SHALLAL: You know, we tend to think in this country that the idea of leveling the playing field is the way that you have fairness. But the reality is that people with money have a head start. And therefore leveling the playing field is only going to set people that don't have money further back and create a bigger, wider schism between the two.

So we have to have more progressive tax laws in place in order for us to be able to bridge that gap so that we don't have this potential, really, for this possible class warfare that's always bubbling underneath the surface in this country.

MARTIN: Mr. Mehiel, final thought from you?

MEHIEL: Just that I'm hoping and I'm praying that our policymakers and our elected officials find a way to do the right thing. The current proposal that our group has made is really not - doesn't go anywhere close to as far as it needs to go. It would be a step in the right direction. And out of that, hopefully will come - will put to rest this idea that they're going to hold our country's credit rating and financial stability hostage to what appears to be an ideological agenda. Hopefully, cooler heads will prevail and we can start to make some consensual progress in this country.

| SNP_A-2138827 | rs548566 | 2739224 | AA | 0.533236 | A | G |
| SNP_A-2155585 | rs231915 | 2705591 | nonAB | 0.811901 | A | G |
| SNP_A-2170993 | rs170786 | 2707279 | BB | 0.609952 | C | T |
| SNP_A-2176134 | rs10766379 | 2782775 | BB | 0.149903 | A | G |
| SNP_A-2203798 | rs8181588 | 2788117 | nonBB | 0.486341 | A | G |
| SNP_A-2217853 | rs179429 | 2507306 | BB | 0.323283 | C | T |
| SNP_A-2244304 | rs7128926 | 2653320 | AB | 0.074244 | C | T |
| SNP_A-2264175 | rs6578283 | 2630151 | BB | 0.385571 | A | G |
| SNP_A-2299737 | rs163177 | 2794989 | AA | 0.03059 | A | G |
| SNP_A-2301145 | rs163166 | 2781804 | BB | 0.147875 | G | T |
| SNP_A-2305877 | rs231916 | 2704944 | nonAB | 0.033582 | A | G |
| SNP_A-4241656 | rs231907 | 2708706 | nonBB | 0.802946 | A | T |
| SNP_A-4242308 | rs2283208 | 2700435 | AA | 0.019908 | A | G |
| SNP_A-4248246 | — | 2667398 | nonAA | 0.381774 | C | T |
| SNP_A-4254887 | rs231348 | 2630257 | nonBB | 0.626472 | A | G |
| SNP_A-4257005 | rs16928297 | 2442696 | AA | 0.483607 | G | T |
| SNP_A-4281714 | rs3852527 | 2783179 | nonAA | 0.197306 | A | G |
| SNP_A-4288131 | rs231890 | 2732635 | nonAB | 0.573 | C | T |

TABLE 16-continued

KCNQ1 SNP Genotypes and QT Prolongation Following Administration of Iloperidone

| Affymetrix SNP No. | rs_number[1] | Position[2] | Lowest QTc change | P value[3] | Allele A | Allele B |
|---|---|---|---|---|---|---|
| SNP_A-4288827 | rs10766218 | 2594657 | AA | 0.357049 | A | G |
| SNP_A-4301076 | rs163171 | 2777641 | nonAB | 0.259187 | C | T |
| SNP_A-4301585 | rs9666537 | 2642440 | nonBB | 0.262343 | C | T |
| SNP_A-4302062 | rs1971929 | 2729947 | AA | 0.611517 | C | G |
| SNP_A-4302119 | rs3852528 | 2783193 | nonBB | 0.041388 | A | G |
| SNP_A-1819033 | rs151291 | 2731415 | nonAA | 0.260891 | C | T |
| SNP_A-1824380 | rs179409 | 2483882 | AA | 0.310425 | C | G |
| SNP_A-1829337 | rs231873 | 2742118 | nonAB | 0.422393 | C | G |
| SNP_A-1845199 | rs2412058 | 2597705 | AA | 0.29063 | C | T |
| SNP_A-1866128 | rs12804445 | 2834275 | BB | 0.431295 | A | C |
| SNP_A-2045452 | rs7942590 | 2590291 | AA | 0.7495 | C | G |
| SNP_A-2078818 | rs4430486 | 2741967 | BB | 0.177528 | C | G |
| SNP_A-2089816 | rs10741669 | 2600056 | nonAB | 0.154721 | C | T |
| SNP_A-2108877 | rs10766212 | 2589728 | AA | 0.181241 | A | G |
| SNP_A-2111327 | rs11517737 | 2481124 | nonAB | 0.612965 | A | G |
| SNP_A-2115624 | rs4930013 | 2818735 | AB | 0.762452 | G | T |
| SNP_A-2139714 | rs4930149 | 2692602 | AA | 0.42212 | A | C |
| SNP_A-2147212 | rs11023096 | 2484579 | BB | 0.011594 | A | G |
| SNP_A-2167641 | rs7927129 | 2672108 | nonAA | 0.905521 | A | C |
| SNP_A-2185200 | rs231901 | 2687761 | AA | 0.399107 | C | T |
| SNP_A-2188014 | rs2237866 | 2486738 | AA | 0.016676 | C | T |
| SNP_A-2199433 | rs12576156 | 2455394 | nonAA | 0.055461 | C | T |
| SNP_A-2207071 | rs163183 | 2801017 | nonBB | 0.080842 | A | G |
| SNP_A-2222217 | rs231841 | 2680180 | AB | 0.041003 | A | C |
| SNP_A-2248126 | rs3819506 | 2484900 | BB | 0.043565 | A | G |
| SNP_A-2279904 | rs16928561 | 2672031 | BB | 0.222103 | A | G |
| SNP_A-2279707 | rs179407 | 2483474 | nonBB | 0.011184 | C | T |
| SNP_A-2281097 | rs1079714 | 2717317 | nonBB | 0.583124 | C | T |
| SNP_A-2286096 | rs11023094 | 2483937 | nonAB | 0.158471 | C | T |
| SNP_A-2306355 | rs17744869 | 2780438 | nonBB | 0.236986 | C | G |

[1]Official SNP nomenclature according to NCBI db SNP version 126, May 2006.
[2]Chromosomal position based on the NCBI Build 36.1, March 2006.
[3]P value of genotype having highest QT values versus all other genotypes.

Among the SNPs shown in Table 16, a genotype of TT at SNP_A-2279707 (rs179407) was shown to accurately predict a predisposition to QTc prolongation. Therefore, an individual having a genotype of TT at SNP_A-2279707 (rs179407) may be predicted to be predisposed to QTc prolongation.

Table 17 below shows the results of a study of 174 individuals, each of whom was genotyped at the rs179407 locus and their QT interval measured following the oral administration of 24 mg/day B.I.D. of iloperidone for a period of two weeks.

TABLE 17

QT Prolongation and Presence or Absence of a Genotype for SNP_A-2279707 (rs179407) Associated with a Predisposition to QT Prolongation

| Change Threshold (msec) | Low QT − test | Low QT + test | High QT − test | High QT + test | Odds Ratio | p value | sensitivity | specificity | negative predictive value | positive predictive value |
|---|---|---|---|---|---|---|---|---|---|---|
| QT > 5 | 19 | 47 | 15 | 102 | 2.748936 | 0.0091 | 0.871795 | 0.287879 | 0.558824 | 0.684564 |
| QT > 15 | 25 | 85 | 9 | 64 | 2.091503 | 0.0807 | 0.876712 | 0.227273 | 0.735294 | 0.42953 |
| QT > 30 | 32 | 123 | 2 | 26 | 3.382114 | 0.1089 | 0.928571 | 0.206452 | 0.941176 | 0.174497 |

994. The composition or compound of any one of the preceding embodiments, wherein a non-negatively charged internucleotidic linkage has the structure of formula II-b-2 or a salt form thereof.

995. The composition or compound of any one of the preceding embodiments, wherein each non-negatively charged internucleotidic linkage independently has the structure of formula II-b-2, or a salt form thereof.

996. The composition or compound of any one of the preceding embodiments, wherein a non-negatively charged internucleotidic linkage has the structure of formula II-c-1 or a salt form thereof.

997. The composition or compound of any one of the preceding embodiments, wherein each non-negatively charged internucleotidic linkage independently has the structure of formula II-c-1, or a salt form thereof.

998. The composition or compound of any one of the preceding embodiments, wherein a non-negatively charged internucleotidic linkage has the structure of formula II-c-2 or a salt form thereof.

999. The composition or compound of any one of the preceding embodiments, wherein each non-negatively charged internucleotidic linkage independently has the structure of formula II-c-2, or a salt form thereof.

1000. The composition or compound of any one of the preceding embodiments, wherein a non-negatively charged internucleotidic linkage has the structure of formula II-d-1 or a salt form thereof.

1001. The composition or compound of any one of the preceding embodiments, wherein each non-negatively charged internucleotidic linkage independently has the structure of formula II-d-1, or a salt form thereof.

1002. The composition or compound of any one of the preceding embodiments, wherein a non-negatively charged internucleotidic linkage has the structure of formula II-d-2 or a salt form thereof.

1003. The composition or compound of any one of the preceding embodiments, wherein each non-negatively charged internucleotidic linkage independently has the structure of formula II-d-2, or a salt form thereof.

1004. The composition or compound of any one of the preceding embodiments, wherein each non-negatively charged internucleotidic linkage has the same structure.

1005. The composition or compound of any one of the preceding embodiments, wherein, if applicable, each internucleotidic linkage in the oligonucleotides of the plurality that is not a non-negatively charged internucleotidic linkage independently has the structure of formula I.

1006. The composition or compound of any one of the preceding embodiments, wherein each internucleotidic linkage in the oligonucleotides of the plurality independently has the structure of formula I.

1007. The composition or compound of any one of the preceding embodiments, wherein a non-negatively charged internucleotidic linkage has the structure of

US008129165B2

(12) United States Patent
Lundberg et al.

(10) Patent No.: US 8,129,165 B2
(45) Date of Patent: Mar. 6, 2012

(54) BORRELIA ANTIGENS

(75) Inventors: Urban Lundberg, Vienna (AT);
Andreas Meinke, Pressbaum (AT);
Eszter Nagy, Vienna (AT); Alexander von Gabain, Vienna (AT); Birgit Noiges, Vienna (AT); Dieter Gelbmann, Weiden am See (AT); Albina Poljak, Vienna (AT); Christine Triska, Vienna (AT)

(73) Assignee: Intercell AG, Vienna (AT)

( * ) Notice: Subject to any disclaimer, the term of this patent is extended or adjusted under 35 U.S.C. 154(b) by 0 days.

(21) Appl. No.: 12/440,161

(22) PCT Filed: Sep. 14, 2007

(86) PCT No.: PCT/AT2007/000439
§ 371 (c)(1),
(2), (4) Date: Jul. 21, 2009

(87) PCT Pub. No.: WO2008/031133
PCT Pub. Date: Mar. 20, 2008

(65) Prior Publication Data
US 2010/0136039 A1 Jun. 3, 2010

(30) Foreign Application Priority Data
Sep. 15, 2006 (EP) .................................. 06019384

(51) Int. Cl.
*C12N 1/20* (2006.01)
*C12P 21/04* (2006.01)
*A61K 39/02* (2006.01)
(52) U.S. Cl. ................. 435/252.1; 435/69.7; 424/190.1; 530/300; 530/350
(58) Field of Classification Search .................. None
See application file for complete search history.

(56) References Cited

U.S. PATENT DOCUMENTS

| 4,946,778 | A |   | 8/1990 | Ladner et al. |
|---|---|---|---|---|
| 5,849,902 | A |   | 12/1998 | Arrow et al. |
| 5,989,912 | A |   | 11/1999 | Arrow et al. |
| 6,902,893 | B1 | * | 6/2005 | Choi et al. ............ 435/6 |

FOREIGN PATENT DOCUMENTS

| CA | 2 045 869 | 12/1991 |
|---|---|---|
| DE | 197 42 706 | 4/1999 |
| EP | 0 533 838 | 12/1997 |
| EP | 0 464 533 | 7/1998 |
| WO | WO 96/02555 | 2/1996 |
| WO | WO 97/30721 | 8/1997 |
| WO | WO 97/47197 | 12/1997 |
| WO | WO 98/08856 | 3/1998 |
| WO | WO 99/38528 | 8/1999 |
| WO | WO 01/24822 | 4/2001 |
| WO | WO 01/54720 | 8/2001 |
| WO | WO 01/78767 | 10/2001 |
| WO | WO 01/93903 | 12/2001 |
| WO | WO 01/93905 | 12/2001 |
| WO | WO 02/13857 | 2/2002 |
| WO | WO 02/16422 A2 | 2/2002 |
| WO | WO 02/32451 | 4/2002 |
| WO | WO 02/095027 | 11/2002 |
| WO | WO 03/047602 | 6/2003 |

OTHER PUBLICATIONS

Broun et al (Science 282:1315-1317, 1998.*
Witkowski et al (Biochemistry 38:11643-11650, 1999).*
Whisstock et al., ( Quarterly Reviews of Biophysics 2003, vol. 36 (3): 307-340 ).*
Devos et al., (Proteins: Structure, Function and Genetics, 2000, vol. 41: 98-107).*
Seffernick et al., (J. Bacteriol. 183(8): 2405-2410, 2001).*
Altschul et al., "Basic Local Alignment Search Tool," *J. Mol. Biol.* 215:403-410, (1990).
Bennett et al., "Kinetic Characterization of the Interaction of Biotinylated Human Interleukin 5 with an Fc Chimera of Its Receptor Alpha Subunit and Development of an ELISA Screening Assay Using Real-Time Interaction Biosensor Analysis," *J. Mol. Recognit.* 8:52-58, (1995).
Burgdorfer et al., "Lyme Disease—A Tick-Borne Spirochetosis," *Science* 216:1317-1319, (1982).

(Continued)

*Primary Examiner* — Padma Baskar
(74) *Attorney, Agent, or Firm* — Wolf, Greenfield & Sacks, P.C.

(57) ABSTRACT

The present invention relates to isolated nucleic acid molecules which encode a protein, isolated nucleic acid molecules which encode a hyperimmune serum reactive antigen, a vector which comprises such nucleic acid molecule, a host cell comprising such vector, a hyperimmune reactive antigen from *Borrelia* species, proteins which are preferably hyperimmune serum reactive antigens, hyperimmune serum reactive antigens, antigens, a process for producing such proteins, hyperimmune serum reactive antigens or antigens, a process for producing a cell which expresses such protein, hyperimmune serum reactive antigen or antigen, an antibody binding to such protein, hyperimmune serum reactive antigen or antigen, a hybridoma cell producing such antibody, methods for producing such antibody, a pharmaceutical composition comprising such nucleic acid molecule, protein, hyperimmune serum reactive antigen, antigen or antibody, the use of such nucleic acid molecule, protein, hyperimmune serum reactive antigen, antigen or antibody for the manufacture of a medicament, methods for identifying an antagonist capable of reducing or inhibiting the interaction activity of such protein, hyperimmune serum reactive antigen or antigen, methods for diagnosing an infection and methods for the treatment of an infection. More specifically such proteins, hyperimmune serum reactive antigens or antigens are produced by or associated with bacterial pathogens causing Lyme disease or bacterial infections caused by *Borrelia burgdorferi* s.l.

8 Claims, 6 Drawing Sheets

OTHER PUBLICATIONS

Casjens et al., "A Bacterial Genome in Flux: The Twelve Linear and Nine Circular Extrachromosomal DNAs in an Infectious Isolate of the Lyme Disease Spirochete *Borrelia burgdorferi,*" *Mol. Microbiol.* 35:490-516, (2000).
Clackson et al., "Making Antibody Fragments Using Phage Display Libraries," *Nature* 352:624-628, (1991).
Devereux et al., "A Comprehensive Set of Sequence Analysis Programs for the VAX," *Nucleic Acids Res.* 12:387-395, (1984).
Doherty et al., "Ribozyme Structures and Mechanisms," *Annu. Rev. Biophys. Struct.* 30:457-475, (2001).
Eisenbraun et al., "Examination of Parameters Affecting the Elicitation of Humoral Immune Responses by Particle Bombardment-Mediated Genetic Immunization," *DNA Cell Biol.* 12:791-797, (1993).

MARTIN: Dennis Mehiel is the chair of U.S. Corrugated. He's also a member of a group called the Patriotic Millionaires for Fiscal Strength. They've just signed a letter to President Obama and the Congress asking them to raise their taxes and the taxes of the hundreds of thousands of other Americans who earn more than a million dollars a year. He was with us from NPR New York.

Andy Shallal was also with us. He's the owner of the Busboys and Poets restaurant group in Eatonville, here in Washington, D.C. area. And he was here with us in our Washington, D.C. studio. Thank you both so much for joining us.

MEHIEL: It's a pleasure to be here.

SHALLAL: Glad to be here. Thank you.